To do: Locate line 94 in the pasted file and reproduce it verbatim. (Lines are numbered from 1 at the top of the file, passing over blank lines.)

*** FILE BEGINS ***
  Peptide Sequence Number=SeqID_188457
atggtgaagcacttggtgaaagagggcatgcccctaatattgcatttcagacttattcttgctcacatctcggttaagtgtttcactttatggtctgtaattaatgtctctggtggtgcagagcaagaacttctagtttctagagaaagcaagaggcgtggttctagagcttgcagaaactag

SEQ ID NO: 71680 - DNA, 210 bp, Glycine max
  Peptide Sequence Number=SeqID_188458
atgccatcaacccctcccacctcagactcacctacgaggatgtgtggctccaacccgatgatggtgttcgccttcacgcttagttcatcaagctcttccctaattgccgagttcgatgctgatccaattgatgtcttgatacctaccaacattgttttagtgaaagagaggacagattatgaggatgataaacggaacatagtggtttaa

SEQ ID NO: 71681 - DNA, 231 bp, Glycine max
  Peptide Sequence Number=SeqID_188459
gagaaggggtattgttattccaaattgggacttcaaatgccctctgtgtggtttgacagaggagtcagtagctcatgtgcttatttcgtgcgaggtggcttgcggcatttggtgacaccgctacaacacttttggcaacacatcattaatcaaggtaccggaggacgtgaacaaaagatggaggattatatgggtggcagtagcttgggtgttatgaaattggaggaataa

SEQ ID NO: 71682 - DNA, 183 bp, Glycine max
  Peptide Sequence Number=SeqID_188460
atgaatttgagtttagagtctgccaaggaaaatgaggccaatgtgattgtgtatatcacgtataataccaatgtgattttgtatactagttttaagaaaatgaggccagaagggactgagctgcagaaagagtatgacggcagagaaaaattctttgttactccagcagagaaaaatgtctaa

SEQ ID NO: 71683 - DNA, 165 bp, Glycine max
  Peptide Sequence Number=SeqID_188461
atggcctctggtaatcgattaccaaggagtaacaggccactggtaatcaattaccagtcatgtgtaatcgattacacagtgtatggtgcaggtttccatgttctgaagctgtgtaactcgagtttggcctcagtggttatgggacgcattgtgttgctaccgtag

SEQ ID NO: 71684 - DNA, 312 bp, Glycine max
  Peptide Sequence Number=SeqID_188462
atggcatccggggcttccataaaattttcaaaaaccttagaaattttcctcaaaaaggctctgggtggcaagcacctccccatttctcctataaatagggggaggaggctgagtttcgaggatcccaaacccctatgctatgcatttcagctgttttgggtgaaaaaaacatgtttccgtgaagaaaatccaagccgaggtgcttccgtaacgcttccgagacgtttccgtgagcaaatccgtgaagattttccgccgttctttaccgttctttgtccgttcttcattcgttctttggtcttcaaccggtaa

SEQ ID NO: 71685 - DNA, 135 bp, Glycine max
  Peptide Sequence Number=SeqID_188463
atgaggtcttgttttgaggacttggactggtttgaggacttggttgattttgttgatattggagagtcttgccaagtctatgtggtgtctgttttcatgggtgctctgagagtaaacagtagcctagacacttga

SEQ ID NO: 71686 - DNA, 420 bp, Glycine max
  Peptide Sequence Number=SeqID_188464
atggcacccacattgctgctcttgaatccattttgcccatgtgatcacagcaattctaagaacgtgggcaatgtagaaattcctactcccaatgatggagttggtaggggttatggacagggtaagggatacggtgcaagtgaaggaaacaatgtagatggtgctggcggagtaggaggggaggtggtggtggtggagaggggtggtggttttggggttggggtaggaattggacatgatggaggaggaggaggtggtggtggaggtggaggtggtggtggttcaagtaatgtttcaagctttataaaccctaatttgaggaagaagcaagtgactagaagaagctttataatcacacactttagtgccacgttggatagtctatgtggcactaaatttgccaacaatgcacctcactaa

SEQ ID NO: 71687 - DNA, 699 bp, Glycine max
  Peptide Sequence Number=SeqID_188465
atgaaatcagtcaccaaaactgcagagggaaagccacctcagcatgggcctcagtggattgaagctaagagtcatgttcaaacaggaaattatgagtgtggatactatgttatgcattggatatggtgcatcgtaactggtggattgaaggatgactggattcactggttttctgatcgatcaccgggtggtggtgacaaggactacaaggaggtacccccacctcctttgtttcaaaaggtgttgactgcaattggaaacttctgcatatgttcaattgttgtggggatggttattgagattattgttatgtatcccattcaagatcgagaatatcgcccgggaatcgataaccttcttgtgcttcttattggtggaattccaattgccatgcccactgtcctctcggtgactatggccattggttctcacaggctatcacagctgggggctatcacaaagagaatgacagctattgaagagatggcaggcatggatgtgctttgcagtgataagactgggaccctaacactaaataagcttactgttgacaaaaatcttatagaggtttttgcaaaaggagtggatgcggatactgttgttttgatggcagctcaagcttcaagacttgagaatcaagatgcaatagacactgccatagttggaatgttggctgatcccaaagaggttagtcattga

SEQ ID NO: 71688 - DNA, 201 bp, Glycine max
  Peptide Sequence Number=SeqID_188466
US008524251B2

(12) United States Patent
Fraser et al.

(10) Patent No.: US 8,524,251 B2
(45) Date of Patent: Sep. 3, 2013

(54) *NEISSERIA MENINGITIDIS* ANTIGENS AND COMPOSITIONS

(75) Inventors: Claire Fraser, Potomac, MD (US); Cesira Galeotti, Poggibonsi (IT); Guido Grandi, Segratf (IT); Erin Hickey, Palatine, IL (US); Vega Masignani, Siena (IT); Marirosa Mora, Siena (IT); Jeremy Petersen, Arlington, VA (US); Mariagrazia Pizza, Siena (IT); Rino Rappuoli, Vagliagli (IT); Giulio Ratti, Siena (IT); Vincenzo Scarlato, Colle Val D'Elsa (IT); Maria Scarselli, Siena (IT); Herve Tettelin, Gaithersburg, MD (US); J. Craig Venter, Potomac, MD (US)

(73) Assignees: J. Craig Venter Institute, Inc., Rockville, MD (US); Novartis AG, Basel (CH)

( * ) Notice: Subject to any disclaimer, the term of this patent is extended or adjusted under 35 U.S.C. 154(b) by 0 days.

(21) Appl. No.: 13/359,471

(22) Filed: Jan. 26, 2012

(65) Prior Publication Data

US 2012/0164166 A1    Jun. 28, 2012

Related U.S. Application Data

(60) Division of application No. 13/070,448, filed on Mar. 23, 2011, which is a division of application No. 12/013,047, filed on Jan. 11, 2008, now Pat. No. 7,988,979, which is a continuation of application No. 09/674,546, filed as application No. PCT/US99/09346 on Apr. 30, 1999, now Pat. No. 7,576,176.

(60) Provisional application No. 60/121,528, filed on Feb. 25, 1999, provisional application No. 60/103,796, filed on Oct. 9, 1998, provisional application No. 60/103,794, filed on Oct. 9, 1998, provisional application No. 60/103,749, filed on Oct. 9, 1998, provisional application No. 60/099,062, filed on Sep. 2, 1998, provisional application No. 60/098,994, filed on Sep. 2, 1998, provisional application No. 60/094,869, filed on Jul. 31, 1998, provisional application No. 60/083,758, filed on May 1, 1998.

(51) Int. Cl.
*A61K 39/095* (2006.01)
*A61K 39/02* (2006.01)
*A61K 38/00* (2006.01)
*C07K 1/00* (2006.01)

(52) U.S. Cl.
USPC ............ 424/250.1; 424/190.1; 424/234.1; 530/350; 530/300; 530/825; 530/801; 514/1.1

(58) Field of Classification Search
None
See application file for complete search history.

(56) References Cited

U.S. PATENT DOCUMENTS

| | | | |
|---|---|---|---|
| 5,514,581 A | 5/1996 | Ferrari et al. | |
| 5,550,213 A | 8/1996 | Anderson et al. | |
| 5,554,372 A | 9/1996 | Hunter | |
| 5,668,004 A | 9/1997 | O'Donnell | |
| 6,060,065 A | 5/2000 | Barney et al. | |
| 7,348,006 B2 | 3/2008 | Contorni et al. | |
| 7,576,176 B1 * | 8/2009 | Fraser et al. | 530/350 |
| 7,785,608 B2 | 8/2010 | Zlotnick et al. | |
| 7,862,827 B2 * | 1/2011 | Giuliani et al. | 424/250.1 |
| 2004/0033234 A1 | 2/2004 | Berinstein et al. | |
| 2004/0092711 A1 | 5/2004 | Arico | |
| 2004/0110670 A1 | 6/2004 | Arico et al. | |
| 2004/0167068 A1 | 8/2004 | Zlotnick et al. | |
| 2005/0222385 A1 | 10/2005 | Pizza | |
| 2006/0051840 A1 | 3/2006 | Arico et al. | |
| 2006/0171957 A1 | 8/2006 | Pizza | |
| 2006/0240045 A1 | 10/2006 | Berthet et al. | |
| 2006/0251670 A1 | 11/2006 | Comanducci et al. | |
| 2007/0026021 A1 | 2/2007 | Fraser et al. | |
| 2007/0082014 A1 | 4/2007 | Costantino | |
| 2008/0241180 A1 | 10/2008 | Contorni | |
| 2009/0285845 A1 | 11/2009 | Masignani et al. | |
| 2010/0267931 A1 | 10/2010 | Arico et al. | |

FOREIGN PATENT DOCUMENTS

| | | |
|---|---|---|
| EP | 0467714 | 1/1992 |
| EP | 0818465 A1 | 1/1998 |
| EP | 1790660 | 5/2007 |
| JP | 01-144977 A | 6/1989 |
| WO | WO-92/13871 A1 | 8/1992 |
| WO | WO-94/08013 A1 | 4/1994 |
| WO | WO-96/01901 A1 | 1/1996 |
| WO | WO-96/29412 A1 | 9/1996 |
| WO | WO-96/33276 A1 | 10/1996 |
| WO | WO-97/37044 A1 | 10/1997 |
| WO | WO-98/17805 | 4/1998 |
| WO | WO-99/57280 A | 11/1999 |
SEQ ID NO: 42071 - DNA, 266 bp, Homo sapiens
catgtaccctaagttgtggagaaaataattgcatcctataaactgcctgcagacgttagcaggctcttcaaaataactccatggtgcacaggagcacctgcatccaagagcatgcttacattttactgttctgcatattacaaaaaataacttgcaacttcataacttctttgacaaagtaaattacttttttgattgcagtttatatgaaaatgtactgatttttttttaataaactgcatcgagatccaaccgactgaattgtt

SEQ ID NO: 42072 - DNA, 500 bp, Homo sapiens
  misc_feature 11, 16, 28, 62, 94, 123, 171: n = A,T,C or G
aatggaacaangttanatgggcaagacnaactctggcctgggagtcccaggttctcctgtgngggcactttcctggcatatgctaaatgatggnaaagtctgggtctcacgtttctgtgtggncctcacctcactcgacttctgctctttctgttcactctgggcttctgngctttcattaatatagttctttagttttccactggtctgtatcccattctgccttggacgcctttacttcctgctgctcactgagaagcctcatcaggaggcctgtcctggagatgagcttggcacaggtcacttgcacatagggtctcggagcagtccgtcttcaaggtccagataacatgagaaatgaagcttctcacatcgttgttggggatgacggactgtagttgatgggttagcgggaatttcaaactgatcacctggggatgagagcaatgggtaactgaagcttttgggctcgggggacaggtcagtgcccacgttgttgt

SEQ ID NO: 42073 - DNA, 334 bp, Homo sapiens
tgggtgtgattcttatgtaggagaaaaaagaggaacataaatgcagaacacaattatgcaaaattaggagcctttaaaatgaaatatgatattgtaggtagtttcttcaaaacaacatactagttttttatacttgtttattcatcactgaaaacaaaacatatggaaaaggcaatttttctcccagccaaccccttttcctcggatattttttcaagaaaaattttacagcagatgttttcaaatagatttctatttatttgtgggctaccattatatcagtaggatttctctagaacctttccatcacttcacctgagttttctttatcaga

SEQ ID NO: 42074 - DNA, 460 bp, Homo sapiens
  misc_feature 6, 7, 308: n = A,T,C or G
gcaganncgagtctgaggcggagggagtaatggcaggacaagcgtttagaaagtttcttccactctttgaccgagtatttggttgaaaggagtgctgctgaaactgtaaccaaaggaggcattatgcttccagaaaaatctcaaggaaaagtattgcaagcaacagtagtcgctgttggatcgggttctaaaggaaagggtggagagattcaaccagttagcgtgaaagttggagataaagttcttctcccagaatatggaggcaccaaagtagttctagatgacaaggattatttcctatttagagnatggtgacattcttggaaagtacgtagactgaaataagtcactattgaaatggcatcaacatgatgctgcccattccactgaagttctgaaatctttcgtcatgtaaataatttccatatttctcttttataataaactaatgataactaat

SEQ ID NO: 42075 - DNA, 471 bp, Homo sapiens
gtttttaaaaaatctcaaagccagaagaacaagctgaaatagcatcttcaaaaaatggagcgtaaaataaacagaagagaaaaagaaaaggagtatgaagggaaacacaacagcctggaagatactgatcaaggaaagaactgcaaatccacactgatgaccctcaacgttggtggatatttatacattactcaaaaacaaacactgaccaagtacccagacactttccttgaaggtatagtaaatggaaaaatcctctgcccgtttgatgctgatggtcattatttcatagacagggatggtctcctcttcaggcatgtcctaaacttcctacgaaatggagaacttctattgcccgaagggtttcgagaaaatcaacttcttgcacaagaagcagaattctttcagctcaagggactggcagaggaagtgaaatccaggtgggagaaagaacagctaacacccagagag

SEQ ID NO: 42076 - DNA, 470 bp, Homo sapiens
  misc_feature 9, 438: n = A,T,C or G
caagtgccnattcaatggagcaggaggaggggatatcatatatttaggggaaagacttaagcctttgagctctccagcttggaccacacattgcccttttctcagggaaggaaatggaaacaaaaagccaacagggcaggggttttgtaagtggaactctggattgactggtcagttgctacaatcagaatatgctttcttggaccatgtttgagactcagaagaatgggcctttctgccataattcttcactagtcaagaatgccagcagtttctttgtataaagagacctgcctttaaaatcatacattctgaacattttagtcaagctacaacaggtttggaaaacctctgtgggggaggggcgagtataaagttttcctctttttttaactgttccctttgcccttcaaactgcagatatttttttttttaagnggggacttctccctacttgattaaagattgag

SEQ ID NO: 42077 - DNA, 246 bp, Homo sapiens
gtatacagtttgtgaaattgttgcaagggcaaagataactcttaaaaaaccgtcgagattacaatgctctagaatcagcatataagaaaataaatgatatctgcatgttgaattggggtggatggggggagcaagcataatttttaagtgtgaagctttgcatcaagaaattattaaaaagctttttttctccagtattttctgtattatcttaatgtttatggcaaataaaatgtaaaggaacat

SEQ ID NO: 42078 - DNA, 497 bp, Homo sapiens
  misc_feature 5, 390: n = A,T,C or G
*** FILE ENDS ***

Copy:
| WO | WO-97/37044 A1 | 10/1997 |